Tuesday, July 13, 2010
The Senate Government Performance Taskforce held a field hearing on Performance-Stat systems in Annapolis, MD, with Governor Martin O'Malley as the lead witness. They explored how these systems might be applied in the federal government.

 Harvard professor Bob Behn calls the various “-stat” systems used across the country “Performance-Stat.” This includes the New York City CompStat, Baltimore’s CitiStat, and Maryland’s State-Stat, as well as Montgomery County’s County-Stat system.

Senator Mark Warner took his taskforce to Annapolis to hear first hand from Governor O’Malley, as well as Montgomery County Executive Ike Leggett, and Baltimore deputy mayor Chris Thomascutty. They explained how they operated their performance systems and the kinds of results they’ve been able to achieve. But Senator Warner expressed interest in how their experiences might be adapted at the federal level.
Maryland State-Stat. Governor O’Malley described the evolution of Maryland’s State-Stat system over time and how it differs from Baltimore’s Citi-Stat which he launched a decade ago when he was mayor. Warner asked how this could be replicated at the federal level. O’Malley said a good starting point would be to use a common geographic information system (GIS) for mapping data, and use a common reporting format for running a Performance-Stat meeting: “You can’t run a railroad on 25 different gauges of track.” He also suggested starting with one federal agency or policy initiative and add new ones slowly, over time. O’Malley felt that much is going on to improve performance at the federal level but what was missing was “relentless follow through.”
Montgomery County-Stat. County Executive Leggett says his county tracks about 80 different projects or priorities via its County-Stat process. He offered several lessons learned, including the importance of having a central staff dedicated to managing performance and assisting agencies and tracking follow through. He also noted that it was important to separate the Stat process from the budget process, that it was important to have a “distinct performance monitoring process” focused on operational performance.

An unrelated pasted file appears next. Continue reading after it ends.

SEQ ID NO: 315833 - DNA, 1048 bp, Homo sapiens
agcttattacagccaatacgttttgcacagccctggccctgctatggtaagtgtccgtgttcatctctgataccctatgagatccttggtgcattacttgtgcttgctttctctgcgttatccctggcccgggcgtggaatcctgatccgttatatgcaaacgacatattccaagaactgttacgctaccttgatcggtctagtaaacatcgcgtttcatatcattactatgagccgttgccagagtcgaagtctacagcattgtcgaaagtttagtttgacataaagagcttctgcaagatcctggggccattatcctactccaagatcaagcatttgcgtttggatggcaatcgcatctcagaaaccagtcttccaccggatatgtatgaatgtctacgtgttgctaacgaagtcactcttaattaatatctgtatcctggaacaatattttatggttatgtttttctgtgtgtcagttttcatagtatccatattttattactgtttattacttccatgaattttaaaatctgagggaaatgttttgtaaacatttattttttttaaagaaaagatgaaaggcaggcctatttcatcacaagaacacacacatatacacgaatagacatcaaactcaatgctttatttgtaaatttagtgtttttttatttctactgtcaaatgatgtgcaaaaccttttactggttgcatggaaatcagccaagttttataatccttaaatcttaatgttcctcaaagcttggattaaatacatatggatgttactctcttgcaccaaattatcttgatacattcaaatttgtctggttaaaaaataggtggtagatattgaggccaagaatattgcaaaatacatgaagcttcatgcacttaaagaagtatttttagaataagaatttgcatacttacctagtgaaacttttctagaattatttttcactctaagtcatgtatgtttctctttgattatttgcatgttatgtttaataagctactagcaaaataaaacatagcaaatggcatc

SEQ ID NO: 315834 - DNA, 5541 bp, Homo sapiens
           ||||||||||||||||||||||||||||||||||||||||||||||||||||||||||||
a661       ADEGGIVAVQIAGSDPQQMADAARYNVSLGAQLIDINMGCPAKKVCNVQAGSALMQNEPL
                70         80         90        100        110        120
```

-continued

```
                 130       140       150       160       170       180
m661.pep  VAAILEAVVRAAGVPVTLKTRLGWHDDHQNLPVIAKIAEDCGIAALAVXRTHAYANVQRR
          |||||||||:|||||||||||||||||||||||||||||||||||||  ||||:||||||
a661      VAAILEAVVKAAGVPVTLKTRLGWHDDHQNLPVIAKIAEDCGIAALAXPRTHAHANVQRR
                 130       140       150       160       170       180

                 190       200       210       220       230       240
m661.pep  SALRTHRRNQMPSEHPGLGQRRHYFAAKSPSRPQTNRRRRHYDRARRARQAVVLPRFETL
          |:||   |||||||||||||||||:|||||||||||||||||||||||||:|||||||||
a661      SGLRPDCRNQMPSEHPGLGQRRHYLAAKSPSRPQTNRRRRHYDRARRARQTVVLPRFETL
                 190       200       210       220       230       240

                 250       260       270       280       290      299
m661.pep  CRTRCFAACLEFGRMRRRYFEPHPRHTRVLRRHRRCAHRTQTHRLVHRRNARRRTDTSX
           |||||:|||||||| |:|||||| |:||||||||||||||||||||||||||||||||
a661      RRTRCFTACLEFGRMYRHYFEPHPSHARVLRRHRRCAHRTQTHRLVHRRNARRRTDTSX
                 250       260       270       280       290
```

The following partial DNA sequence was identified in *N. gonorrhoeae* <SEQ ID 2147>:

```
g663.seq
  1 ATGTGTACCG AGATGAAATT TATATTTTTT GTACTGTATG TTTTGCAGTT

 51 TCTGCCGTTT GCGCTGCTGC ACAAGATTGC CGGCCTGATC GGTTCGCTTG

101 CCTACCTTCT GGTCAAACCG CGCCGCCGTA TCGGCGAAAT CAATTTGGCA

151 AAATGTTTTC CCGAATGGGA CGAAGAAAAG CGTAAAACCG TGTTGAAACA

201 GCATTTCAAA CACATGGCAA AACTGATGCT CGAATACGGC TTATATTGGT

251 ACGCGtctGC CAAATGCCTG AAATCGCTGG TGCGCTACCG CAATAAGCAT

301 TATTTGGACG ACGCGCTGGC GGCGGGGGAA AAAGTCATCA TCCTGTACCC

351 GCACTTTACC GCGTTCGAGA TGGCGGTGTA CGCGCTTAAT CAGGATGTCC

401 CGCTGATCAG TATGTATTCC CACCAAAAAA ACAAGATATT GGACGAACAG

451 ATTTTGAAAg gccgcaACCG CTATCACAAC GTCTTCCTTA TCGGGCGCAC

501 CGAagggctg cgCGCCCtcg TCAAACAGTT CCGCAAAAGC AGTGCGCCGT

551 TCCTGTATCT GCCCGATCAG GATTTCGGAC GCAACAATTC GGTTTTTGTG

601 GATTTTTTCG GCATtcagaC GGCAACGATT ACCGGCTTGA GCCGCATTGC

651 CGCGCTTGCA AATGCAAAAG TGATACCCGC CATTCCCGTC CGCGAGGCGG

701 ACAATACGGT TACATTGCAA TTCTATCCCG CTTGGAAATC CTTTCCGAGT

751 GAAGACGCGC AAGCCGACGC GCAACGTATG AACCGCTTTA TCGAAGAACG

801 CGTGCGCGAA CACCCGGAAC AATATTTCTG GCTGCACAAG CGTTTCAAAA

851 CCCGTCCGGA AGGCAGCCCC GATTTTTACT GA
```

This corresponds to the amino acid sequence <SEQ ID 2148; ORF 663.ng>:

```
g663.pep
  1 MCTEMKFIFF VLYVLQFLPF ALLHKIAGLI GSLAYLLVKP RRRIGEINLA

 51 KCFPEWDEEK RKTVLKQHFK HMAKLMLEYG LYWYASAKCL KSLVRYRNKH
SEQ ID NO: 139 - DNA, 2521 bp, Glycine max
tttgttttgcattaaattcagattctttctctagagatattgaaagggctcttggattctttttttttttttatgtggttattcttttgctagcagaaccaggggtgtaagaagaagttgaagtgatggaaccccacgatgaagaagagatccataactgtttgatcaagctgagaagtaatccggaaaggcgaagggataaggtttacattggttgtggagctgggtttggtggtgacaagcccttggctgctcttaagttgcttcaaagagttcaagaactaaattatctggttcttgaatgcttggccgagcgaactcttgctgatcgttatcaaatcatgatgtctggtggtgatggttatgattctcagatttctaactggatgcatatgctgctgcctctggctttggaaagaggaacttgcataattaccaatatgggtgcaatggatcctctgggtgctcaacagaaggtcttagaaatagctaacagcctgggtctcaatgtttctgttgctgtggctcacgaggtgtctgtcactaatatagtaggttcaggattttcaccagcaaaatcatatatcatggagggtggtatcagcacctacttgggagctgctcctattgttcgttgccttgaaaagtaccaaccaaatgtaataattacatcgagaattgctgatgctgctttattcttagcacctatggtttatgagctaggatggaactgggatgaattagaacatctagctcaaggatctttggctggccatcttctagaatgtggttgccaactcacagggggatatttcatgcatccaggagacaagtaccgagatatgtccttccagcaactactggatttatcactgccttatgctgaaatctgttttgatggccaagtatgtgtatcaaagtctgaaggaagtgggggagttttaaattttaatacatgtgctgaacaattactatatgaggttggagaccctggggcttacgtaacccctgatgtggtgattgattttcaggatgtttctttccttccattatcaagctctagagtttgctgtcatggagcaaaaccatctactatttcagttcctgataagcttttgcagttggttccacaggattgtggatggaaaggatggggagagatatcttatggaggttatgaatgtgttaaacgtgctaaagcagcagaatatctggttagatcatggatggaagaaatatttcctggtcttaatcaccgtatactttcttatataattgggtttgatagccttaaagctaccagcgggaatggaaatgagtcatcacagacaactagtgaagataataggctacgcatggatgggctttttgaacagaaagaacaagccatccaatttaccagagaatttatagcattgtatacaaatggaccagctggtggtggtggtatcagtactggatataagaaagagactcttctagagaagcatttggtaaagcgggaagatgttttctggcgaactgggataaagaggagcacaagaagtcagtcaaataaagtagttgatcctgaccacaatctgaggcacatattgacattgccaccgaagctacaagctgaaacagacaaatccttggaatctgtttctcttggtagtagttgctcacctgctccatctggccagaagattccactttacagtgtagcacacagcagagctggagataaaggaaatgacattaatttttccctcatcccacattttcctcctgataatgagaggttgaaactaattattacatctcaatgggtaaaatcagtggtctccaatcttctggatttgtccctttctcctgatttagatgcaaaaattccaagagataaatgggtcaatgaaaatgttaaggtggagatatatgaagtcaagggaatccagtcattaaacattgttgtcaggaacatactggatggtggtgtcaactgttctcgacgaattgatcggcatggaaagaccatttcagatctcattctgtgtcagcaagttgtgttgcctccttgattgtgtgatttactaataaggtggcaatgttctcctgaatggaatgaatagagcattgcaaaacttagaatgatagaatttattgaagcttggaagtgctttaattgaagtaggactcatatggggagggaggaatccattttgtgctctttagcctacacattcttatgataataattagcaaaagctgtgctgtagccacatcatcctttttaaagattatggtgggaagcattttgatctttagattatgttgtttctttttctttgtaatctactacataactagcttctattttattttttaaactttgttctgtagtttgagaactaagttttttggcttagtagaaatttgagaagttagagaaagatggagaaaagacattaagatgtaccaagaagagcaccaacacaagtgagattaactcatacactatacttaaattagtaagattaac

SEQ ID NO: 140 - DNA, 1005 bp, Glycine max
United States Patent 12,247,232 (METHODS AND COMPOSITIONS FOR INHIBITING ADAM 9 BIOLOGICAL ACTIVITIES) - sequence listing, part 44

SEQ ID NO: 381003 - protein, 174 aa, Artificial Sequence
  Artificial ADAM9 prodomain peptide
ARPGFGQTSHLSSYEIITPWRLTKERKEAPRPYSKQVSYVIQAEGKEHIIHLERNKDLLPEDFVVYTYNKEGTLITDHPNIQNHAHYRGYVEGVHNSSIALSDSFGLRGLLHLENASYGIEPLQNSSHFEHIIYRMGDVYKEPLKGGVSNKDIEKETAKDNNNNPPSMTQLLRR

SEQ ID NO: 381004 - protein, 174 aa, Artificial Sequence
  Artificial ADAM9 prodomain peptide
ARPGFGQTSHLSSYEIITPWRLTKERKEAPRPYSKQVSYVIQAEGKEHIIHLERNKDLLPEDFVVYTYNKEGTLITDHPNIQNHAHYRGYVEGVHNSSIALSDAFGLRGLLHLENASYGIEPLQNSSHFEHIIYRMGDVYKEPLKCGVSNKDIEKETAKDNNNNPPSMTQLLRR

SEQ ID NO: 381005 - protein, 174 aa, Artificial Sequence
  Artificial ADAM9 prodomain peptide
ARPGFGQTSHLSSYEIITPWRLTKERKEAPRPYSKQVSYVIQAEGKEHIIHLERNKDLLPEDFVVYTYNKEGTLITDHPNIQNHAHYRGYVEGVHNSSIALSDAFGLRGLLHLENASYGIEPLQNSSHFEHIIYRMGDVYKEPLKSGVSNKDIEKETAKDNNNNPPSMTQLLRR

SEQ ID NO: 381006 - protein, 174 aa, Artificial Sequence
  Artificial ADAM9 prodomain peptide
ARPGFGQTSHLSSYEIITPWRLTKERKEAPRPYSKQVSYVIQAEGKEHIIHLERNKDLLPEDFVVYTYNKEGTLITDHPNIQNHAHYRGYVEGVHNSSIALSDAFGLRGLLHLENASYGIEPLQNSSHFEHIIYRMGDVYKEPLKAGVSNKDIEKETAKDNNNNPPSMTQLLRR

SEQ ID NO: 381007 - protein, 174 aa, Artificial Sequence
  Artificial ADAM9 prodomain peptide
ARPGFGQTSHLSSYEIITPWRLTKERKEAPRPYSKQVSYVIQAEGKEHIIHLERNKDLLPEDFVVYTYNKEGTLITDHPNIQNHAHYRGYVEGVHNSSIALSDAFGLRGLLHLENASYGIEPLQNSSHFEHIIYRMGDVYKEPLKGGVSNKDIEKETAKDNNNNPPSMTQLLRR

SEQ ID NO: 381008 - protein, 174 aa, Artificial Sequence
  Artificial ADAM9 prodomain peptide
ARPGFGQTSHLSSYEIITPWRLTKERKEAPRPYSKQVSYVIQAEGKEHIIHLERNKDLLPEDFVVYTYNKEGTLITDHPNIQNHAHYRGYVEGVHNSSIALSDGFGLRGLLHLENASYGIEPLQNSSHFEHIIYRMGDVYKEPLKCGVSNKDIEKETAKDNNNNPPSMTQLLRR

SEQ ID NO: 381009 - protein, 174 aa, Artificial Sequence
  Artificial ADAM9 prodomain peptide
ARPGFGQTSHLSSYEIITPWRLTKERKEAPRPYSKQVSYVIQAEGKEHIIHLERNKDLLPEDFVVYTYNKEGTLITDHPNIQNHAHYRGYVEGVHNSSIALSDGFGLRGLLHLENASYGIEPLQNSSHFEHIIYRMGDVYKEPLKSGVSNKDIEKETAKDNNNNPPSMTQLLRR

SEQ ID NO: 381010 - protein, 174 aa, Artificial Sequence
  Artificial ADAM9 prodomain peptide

Baltimore Citi-Stat. Deputy Mayor Thomascutty testified that Citi-Stat helped flatten the learning curve of new, incoming executives so they could quickly see what the issues were that they faced. He said the Baltimore system evolved over the past decade from a focus on individual departments to a set of cross-cutting policy initiatives, which are being tied to an outcome-budgeting approach. He suggested that the federal government start with agencies that provide direct customer services with a clear line of authority and responsibilities. He also noted that they found that having the individuals involved in the process actually in the room together was important, that video-conferencing was not as effective.
Sen. Warner observed that whoever frames the questions or the performance measures has to get it right if the conversation in a Performance-Stat meeting is to be productive. A conversation on park cleanliness would be different that a conversation on having a “child ready to start school” because the influencing factors could be nutrition, housing, health, etc. Leggett says he involves program managers in helping frame the issues and measures since they are on the front lines.
Warner also noted that in each case, the chief executive was personally involved in standing up the various Performance-Stat systems, and invested substantial personal time and effort to initially get them operational. He did not suggest that President Obama would have to do so, if adopted at the federal level, but did note that Obama did designate a federal Chief Performance Officer.
Next step: will the Senate take up the House-passed amendments to the Government Performance and Results Act and include any of the lessons learned from this field hearing, or will OMB “just do it?”